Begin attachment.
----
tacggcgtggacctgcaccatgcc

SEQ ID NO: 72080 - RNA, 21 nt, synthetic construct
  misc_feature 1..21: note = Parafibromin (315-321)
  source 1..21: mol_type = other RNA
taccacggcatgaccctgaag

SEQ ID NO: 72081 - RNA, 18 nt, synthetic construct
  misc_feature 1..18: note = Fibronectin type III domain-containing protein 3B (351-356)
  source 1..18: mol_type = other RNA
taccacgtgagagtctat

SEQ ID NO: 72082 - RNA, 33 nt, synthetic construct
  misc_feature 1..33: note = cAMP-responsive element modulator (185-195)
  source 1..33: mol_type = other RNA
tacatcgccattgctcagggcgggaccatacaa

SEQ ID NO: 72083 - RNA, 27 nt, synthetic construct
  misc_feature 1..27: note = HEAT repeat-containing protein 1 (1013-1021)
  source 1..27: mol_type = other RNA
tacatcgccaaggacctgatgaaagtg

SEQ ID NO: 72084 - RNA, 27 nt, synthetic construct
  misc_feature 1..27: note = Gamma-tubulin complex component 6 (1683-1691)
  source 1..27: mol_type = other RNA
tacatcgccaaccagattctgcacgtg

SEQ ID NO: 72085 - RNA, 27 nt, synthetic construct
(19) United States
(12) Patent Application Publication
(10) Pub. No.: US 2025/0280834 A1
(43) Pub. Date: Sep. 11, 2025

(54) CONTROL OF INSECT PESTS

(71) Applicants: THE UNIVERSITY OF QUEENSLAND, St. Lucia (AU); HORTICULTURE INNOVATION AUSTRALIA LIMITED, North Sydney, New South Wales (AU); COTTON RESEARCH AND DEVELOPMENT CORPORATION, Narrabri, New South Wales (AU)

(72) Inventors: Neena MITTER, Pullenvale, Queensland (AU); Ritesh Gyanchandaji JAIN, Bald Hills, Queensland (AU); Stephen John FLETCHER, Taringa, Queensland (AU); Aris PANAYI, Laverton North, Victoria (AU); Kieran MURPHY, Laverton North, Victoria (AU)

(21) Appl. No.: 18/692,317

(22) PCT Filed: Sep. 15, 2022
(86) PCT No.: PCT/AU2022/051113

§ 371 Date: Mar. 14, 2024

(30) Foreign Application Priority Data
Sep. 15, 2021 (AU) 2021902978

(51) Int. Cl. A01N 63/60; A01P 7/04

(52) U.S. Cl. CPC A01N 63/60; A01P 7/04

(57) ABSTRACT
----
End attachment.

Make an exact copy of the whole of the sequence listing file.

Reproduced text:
tacggcgtggacctgcaccatgcc

SEQ ID NO: 72080 - RNA, 21 nt, synthetic construct
  misc_feature 1..21: note = Parafibromin (315-321)
  source 1..21: mol_type = other RNA
taccacggcatgaccctgaag

SEQ ID NO: 72081 - RNA, 18 nt, synthetic construct
  misc_feature 1..18: note = Fibronectin type III domain-containing protein 3B (351-356)
  source 1..18: mol_type = other RNA
taccacgtgagagtctat

SEQ ID NO: 72082 - RNA, 33 nt, synthetic construct
  misc_feature 1..33: note = cAMP-responsive element modulator (185-195)
  source 1..33: mol_type = other RNA
tacatcgccattgctcagggcgggaccatacaa

SEQ ID NO: 72083 - RNA, 27 nt, synthetic construct
  misc_feature 1..27: note = HEAT repeat-containing protein 1 (1013-1021)
  source 1..27: mol_type = other RNA
tacatcgccaaggacctgatgaaagtg

SEQ ID NO: 72084 - RNA, 27 nt, synthetic construct
  misc_feature 1..27: note = Gamma-tubulin complex component 6 (1683-1691)
  source 1..27: mol_type = other RNA
tacatcgccaaccagattctgcacgtg

SEQ ID NO: 72085 - RNA, 27 nt, synthetic construct
(19) United States
(12) Patent Application Publication
(10) Pub. No.: US 2025/0280834 A1
(43) Pub. Date: Sep. 11, 2025

(54) CONTROL OF INSECT PESTS

(71) Applicants: THE UNIVERSITY OF QUEENSLAND, St. Lucia (AU); HORTICULTURE INNOVATION AUSTRALIA LIMITED, North Sydney, New South Wales (AU); COTTON RESEARCH AND DEVELOPMENT CORPORATION, Narrabri, New South Wales (AU)

(72) Inventors: Neena MITTER, Pullenvale, Queensland (AU); Ritesh Gyanchandaji JAIN, Bald Hills, Queensland (AU); Stephen John FLETCHER, Taringa, Queensland (AU); Aris PANAYI, Laverton North, Victoria (AU); Kieran MURPHY, Laverton North, Victoria (AU)

(21) Appl. No.: 18/692,317

(22) PCT Filed: Sep. 15, 2022
(86) PCT No.: PCT/AU2022/051113

§ 371 Date: Mar. 14, 2024

(30) Foreign Application Priority Data
Sep. 15, 2021 (AU) 2021902978

(51) Int. Cl. A01N 63/60; A01P 7/04

(52) U.S. Cl. CPC A01N 63/60; A01P 7/04

(57) ABSTRACT